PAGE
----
Exposing the Food Stamp Stimulus Fallacy
Here's some Keynesian-style, voodoo economics from the U.S. Department of Agriculture claiming that every additional $1 of food stamp spending magically creates almost $2 in new economic activity:
Why does increasing participation in SNAP (the federal food stamp program, now known at the Supplemental Nutritional Assistance Program) make sense for your community?MP: Wow, it seems like all we have to do to create a huge economic stimulus is to get more Americans using food stamps. If raising the national food stamp participation rate by 5 percentage points generates $2.5 billion in new economic activity, imagine the economic stimulus that could be created if the food stamp participation rate increased to 100 percent!
SNAP Generates Economic Activity SNAP brings Federal dollars into communities in the form of benefits which are redeemed by SNAP participants at local stores. These benefits ripple throughout the economies of the community, State, and Nation. For example: Every $5 in new SNAP benefits generates a total of $9.20 in community spending Every additional dollar's worth of SNAP benefits generates 17 to 47 cents of new spending on food.
On average, $1 billion of retail food demand by SNAP recipients generates 3,300 farm jobs. In fiscal year 2009, the average monthly SNAP benefit per household was approximately $272. These benefits, funded by Federal dollars, create business when they are redeemed at your local food retailers. Eighty-six percent of benefits, totaling $25 billion, were redeemed at the nation's 35,000 supermarkets. The remaining benefits, totaling $3.6 billion, contribute to the viability of 121,000 other firms which include grocery stores, convenience stores, combination stores, farmer's markets, and other retail food stores; plus wholesalers and meal services.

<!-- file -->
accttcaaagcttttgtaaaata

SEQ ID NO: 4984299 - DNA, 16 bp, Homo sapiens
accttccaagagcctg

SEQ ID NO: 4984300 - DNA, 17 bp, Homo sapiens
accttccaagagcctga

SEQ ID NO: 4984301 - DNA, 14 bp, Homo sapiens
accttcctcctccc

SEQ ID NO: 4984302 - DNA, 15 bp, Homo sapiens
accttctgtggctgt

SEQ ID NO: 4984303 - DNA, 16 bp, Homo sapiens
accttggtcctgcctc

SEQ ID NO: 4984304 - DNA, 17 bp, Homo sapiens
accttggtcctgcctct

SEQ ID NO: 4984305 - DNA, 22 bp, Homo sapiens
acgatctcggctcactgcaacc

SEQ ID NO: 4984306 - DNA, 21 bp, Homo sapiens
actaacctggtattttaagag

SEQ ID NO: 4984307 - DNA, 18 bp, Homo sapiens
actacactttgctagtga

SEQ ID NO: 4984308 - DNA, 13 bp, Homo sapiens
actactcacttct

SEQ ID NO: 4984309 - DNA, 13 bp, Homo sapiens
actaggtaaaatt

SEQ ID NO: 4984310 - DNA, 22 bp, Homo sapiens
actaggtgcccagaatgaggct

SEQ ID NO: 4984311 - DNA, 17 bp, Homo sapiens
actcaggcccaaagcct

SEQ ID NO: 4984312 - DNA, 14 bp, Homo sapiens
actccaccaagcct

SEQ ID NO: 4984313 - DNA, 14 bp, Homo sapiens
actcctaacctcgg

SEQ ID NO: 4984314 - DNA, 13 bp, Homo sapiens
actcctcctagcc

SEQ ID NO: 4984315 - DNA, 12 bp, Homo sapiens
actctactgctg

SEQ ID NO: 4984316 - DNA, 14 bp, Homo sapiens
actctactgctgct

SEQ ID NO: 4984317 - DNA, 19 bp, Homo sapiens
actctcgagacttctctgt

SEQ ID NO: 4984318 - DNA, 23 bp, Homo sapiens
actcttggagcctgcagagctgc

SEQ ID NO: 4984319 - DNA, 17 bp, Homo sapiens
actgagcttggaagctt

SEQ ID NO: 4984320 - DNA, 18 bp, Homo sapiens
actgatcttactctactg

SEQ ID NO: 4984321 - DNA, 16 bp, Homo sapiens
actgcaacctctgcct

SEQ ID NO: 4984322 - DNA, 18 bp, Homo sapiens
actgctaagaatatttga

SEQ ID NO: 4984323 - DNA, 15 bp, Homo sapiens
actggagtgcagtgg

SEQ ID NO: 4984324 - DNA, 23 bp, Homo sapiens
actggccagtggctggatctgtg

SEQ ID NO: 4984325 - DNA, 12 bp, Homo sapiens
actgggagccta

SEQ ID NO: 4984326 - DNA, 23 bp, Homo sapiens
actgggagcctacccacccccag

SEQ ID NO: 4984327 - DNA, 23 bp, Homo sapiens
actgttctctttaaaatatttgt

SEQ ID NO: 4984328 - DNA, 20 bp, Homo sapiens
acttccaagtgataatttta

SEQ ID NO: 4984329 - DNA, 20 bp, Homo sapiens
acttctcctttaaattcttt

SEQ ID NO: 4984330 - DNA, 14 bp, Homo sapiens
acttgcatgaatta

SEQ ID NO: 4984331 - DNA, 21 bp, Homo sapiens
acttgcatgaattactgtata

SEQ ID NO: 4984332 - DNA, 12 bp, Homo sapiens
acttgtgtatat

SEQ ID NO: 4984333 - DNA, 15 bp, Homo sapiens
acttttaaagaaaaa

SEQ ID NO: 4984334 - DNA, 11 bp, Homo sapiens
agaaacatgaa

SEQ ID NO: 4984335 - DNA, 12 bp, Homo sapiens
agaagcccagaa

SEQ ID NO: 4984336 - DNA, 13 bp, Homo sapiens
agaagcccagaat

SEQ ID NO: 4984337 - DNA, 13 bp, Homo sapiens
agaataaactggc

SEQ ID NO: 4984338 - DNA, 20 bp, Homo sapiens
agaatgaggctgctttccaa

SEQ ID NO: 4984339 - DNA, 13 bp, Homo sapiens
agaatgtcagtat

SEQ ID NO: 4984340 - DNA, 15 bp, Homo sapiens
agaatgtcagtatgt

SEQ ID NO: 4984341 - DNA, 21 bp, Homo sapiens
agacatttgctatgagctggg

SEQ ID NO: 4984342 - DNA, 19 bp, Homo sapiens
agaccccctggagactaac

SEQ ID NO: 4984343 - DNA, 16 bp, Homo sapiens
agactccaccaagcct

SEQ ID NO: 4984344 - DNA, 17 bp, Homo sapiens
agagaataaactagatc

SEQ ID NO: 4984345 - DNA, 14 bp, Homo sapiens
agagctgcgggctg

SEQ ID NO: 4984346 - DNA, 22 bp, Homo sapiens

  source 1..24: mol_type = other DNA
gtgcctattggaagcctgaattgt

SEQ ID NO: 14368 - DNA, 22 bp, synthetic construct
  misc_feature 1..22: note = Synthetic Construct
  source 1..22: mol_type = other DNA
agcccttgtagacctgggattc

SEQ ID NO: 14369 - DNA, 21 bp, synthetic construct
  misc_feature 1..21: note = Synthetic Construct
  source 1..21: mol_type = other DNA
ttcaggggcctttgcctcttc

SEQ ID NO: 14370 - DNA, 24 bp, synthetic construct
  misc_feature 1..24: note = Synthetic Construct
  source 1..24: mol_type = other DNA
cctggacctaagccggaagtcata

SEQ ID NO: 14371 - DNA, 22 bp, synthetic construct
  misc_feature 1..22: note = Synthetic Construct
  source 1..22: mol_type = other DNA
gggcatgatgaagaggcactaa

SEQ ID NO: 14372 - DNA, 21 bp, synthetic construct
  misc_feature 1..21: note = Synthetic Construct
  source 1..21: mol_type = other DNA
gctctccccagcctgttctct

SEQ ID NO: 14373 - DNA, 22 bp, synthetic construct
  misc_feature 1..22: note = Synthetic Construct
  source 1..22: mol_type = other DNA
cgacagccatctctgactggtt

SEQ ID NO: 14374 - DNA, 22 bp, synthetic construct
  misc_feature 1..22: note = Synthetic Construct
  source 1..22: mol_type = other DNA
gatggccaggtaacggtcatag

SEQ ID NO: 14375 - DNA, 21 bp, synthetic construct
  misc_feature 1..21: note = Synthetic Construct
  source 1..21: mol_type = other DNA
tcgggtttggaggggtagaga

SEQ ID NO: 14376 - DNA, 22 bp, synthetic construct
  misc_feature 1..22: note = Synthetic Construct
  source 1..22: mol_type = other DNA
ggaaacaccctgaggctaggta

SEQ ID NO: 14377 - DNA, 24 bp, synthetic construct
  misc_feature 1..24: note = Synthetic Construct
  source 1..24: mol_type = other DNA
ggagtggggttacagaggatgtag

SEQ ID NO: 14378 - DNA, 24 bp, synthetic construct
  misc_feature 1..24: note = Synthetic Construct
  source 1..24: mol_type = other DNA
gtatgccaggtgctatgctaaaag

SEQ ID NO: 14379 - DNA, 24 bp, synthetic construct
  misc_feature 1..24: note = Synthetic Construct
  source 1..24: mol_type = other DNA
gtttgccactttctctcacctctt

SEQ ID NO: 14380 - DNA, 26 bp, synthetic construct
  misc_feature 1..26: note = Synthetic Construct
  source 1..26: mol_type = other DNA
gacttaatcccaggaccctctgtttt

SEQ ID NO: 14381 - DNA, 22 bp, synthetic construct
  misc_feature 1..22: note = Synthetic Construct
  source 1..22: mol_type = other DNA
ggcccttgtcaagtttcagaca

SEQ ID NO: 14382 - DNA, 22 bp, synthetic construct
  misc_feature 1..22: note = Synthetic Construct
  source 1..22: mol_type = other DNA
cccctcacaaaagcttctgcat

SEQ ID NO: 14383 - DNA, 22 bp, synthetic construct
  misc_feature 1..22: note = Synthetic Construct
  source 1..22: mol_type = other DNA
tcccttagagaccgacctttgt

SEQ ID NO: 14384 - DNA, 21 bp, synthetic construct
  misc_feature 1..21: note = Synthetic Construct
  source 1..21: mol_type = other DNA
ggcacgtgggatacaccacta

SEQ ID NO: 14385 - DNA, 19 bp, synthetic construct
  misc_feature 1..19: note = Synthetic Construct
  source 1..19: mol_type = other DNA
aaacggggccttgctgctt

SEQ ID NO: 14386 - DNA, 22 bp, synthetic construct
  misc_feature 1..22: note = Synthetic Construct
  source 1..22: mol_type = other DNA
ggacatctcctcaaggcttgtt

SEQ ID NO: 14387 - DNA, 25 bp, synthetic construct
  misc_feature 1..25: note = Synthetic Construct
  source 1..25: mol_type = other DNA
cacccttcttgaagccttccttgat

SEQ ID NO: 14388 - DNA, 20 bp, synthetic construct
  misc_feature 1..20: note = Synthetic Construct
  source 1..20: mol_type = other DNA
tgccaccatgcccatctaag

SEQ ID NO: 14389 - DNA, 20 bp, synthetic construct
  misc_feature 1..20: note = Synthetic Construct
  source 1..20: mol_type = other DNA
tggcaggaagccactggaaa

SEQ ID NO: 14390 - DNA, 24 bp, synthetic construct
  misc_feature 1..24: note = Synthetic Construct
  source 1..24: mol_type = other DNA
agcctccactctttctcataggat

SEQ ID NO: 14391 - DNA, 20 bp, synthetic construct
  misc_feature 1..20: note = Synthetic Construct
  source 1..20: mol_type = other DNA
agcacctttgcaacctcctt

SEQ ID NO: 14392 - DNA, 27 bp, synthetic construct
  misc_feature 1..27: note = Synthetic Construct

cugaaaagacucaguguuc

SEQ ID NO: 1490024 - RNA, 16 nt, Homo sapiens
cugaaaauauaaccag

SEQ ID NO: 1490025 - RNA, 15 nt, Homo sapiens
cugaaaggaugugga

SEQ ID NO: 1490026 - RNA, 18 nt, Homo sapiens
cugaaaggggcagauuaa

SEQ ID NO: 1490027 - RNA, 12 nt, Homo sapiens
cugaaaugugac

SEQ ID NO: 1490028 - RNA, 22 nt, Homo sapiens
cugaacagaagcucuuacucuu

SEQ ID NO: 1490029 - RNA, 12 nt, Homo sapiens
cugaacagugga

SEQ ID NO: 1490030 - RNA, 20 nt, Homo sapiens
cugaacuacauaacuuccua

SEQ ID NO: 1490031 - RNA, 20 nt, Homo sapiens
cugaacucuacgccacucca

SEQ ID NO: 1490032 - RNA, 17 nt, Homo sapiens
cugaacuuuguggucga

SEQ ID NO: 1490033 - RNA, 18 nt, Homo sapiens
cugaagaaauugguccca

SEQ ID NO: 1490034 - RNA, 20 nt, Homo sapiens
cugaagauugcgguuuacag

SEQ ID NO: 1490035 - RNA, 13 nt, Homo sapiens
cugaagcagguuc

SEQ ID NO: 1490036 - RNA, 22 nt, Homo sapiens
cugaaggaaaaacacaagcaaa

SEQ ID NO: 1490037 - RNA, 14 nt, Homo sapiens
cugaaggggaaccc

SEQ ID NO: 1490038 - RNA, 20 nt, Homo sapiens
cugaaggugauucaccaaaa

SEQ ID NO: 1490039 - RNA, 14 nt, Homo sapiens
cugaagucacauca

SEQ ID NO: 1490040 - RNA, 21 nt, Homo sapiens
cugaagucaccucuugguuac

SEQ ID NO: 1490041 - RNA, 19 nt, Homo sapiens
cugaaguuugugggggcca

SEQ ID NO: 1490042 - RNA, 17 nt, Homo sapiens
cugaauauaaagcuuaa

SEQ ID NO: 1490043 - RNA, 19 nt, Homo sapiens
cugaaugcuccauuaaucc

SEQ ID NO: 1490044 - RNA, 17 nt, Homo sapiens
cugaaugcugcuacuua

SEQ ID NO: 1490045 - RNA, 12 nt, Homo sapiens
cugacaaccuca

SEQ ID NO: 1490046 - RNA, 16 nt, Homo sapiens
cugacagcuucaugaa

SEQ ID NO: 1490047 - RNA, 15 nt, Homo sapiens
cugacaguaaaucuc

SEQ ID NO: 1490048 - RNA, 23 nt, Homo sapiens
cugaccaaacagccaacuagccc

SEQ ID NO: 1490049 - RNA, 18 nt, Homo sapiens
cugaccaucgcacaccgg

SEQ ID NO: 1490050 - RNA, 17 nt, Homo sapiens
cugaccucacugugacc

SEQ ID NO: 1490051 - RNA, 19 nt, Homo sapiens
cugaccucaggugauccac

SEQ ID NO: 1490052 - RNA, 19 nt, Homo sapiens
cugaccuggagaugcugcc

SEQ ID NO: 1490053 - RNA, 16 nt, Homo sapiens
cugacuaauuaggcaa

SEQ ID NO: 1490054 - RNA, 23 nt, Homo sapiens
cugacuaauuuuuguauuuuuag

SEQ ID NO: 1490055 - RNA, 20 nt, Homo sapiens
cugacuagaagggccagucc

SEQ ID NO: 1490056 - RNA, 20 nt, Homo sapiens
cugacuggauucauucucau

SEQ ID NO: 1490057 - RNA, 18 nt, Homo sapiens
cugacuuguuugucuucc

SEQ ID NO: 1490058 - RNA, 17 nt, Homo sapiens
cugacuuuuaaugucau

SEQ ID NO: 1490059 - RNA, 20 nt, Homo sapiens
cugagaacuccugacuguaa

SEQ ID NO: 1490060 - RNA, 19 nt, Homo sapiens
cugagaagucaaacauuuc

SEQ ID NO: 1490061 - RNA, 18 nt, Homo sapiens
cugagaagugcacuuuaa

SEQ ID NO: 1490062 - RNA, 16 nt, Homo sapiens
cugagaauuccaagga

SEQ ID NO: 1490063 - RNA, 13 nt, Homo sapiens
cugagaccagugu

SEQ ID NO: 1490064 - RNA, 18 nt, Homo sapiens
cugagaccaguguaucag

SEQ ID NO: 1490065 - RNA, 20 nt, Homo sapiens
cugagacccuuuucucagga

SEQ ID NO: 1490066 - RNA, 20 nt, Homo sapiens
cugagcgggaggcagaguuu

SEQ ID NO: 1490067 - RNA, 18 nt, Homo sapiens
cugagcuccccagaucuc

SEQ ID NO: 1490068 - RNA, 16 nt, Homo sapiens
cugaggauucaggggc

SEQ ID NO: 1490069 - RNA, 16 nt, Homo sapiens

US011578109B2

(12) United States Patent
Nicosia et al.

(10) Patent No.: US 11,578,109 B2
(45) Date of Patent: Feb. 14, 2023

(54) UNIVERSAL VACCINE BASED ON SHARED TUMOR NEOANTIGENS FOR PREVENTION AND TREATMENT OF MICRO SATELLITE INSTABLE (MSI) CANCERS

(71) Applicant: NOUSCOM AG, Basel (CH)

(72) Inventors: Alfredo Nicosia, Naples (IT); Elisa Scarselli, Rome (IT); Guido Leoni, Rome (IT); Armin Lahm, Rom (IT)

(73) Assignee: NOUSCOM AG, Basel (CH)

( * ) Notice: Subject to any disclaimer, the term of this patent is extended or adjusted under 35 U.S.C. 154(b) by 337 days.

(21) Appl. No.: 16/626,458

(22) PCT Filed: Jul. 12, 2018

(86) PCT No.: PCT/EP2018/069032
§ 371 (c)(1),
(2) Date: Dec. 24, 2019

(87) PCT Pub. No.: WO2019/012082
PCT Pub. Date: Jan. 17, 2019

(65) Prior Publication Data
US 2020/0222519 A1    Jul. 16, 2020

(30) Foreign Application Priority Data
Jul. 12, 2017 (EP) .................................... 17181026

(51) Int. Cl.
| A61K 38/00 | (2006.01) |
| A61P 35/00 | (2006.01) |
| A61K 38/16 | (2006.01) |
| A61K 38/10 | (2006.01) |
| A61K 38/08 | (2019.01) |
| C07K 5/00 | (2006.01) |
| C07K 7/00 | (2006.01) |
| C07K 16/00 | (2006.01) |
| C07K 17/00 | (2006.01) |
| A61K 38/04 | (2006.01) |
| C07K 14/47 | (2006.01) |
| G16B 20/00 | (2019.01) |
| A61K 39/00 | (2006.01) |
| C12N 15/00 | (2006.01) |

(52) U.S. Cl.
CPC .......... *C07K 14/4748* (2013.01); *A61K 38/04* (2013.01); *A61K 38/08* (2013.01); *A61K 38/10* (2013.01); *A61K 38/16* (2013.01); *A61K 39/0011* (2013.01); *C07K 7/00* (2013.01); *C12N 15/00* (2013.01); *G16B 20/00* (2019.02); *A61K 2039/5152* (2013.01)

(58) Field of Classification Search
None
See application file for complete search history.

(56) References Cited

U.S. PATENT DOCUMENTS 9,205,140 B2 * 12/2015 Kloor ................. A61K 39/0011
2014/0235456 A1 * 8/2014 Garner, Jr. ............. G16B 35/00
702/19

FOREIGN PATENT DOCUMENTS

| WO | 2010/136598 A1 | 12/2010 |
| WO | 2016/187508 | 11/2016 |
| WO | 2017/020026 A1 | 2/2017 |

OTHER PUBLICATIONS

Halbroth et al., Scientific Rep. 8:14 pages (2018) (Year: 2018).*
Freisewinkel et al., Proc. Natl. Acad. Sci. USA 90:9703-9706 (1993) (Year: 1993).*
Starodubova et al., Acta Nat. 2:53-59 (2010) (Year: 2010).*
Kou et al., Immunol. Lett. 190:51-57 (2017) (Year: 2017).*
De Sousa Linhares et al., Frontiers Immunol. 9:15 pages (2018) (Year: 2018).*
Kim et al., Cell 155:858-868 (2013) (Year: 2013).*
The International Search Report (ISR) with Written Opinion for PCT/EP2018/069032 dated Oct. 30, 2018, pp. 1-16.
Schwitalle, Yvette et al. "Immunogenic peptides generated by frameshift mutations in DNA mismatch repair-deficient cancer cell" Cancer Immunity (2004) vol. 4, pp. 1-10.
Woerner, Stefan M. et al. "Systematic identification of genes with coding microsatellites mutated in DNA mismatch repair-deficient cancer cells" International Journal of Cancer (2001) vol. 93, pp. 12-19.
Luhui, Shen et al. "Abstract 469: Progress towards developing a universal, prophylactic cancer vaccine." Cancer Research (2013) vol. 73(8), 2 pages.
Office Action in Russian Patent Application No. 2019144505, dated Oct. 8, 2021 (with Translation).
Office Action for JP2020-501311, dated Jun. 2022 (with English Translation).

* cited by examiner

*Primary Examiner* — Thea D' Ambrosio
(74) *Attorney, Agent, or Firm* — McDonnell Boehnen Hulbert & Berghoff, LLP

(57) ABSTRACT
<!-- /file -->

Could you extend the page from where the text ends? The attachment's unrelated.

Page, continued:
Outreach and education are powerful tools in overcoming barriers to SNAP participation. Even a small increase in SNAP participation can have a substantial impact. If the national participation rate rose 5 percentage points, 1.9 million more low-income people would have an additional $1.3 billion in benefits per year to use to purchase healthy food and $2.5 billion total in new economic activity would be generated nationwide.
To understand the economic fallacy of the "food stamps creates economic prosperity" myth, let me paraphrase Art Laffer, who exposed a similar fallacy a few years ago relating to the claim that unemployment benefits increase demand and stimulate the economy:
In an economy, the economic effects from a transfer program always sum to zero. Simply put, there can be no economic stimulus from increased food stamp usage. To see this, imagine an economy that produces 100 apples. If 10 of those apples are given to people with food stamps, then people who otherwise would have had those 10 apples are now worse off. The stimulus of 10 apples through food stamps is exactly offset by the destimulus of 10 apples for those people from whom the 10 apples were taken. More realistically, we could say that to provide food stamps that will allow some Americans to purchase more apples, taxes have to be raised on other Americans to finance the food stamps to pay for the apples. In that case, raising food stamp participation increases the tax burden on other Americans.
Those Americans forced to pay higher taxes to finance increased food stamp usage have less income to spend on goods and services, which depresses economic activity. In the end, there is simply a coerced transfer of resources from food stamp-providing taxpayers to food stamp users, with a net effect of zero on economic activity and national wealth. Given the massive inefficiencies the government creates in transferring resources from one group to another, along with the disincentive effects for those Americans who are de-stimulated through higher taxes, there might actually be an overall negative net effect on economic activity.
Bottom Line: Raising food stamp usage certainly won't generate positive net benefits; it's more likely that the net economic effect will be negative.
HT: Daniel Halper via Morgan Frank